Keep These Garden Pests Out of Your Garden


Even the most organic of gardeners isn’t a fan of insects that wreak havoc on a raised bed full of growing edibles. Luckily, you can keep away these unwelcome visitors with simple, nontoxic methods. The following list of pests..

Learn how to identify these destructive pests and get them out of your garden.

Four-lined Plant Bug


Physical Description: These insects are about 1/4 of an inch long. They have greenish-yellow wing covers with four black lines. Nymphs occur in early spring and are bright red and black.

What Attracts Them: lush new growth and plants with high essential-oil content

Crops Affected: herbs, such as basil, lavender, mint, and sage. Ornamentals, such as azalea, mums, Shasta daisy and viburnums.

Damage: Distinctive damage appears as small, sunken round pockmarks caused by the insect’s piercing-sucking mouthpart. The pockmarks eventually turn brown, and the damaged tissue might fall out, leaving small holes in the leaves. Damage is purely aesthetic and can easily be pruned out.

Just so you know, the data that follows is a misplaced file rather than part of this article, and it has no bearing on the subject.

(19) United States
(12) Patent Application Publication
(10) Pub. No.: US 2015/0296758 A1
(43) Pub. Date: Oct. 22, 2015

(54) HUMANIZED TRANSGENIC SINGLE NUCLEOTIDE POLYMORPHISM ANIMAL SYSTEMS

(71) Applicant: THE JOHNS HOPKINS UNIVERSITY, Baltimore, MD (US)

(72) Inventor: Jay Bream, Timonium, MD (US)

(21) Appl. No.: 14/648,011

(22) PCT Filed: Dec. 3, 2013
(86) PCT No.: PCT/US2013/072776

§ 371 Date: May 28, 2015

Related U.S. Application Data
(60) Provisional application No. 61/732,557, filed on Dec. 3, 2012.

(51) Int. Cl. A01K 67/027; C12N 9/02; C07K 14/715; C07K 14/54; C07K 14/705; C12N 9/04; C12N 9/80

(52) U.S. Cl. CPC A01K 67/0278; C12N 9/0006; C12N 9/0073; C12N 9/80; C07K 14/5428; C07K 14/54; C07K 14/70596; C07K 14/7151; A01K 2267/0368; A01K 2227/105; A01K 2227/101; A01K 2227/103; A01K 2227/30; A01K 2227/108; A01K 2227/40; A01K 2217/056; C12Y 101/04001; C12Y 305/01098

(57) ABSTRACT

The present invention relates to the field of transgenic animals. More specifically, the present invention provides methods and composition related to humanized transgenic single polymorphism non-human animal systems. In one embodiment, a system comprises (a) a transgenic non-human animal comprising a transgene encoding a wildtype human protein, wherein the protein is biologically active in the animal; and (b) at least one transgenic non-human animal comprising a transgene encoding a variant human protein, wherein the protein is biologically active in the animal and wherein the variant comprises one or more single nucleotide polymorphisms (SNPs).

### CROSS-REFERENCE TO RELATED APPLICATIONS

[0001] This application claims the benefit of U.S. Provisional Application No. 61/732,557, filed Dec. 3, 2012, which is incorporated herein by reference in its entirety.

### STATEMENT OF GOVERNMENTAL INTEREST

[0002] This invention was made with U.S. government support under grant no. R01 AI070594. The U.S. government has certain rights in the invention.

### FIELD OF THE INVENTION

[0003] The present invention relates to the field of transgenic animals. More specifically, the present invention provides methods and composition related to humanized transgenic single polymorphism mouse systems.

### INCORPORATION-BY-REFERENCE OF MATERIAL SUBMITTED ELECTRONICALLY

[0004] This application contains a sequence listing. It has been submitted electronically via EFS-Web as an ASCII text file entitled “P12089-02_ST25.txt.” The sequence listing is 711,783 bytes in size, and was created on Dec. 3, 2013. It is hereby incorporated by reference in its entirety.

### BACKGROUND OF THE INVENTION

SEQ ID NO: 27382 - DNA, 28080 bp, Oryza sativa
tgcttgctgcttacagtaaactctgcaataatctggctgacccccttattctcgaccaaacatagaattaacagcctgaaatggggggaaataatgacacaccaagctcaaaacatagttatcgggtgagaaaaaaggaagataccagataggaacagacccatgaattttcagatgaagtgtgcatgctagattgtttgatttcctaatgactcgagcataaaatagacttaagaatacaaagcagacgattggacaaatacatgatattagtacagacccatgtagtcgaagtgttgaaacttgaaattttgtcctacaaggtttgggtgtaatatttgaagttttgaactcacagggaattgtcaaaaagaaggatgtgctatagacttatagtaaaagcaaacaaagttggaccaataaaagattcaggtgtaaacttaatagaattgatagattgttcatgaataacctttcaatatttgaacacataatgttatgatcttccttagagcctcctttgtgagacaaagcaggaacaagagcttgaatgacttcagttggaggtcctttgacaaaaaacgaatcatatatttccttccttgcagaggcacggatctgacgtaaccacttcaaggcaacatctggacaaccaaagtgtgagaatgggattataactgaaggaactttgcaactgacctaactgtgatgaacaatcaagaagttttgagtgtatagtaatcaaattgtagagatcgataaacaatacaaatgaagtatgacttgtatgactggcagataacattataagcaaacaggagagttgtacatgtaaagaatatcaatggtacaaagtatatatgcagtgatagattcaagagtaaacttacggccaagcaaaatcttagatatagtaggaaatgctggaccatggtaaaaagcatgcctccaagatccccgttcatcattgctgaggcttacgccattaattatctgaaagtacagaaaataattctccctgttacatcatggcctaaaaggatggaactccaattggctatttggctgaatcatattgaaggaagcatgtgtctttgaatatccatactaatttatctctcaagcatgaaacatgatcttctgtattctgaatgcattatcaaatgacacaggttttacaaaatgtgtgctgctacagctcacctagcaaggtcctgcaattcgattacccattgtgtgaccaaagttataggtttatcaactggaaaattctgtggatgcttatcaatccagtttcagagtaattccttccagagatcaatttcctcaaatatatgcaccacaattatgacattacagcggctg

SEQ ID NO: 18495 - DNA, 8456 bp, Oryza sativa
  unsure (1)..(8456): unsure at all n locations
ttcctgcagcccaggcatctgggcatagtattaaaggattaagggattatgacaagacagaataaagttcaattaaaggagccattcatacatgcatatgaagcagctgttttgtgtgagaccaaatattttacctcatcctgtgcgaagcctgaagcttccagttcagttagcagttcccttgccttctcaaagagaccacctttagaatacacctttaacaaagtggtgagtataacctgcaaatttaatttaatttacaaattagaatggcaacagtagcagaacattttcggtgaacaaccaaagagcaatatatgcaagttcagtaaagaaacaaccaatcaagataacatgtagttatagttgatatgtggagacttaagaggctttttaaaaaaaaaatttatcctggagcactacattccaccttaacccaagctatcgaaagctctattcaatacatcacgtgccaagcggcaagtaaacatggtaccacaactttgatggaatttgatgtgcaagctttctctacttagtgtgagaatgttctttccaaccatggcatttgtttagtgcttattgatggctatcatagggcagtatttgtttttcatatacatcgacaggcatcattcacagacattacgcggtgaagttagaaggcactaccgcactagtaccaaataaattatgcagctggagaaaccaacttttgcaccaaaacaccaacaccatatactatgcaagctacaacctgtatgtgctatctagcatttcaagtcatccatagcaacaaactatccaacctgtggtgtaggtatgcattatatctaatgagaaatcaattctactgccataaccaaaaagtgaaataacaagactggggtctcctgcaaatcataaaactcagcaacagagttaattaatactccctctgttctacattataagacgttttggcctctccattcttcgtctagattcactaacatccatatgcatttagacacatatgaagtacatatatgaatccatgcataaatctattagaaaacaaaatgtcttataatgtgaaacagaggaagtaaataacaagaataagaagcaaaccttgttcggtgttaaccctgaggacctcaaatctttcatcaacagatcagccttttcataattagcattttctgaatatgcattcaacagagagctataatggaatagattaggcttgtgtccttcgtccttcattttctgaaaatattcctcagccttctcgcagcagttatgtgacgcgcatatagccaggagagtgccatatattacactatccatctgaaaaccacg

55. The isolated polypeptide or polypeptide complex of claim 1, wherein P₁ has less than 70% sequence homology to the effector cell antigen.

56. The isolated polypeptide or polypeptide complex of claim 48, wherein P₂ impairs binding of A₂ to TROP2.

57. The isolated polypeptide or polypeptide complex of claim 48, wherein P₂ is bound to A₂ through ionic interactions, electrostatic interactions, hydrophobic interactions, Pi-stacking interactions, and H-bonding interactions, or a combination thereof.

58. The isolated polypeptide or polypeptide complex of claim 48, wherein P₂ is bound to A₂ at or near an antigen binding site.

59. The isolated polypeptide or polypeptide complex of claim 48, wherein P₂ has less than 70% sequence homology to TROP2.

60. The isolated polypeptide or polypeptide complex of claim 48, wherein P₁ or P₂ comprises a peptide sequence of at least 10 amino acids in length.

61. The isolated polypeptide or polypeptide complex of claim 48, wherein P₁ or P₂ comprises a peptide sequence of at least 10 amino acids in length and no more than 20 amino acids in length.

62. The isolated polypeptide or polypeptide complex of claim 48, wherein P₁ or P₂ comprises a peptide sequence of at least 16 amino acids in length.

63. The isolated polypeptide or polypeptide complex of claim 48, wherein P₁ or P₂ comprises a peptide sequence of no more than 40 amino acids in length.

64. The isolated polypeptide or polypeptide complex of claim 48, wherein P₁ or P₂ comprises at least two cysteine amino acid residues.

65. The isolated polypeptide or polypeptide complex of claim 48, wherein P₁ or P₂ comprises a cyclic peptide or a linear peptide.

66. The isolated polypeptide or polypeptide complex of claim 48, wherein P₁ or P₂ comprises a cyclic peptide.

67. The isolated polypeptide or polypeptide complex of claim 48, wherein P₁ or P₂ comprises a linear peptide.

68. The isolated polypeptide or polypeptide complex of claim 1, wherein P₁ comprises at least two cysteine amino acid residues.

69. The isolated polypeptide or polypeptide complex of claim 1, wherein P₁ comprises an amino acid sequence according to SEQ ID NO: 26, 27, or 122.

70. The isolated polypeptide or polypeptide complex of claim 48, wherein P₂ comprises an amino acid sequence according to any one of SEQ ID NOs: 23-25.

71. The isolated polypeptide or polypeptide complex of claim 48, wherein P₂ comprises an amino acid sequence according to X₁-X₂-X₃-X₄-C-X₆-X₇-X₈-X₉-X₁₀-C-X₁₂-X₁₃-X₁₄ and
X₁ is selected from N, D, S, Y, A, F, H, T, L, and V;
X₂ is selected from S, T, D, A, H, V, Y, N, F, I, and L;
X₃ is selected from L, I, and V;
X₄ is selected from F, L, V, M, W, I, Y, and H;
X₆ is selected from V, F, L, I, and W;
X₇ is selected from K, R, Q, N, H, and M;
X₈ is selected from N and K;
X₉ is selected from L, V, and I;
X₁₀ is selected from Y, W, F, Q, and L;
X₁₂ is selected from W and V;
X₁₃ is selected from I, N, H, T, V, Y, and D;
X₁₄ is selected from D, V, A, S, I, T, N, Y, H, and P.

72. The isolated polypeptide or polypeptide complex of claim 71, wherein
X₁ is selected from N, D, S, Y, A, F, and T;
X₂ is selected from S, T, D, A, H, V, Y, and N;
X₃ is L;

Where? Everywhere east of the Rockies and into southern Canada.

Season: Four-lined plant bugs feed for only four weeks in late spring.

Control: Prune affected plant material in midsummer after feeding damage ceases. Cover susceptible plants with floating row cover until midsummer when the bugs are no longer present.

Colorado Potato Beetle



Physical Description: Adult beetles are 1/3 inch long with a rounded, hard shell. Their wing covers are black and tan striped with irregular black spotting on the head. Full grown larvae are 1/2 inch long, fat and reddish-pink with rows of black dots on their sides.

What Attracts Them: host plants

Crops Affected: all members of the nightshade family, including potatoes, tomatoes, eggplants, peppers, and tobacco.

Damage: Both larvae and adults skeletonize foliage quickly. They also leave pellets of black excrement.

Where? All areas of the U.S. except the Pacific Northwest and the Extreme South.

Seasons: spring, summer, autumn

Control: Cover potato plants with floating row cover, this technique can remain in place until harvest. You can also handpick adults and larvae, or rotate crops.



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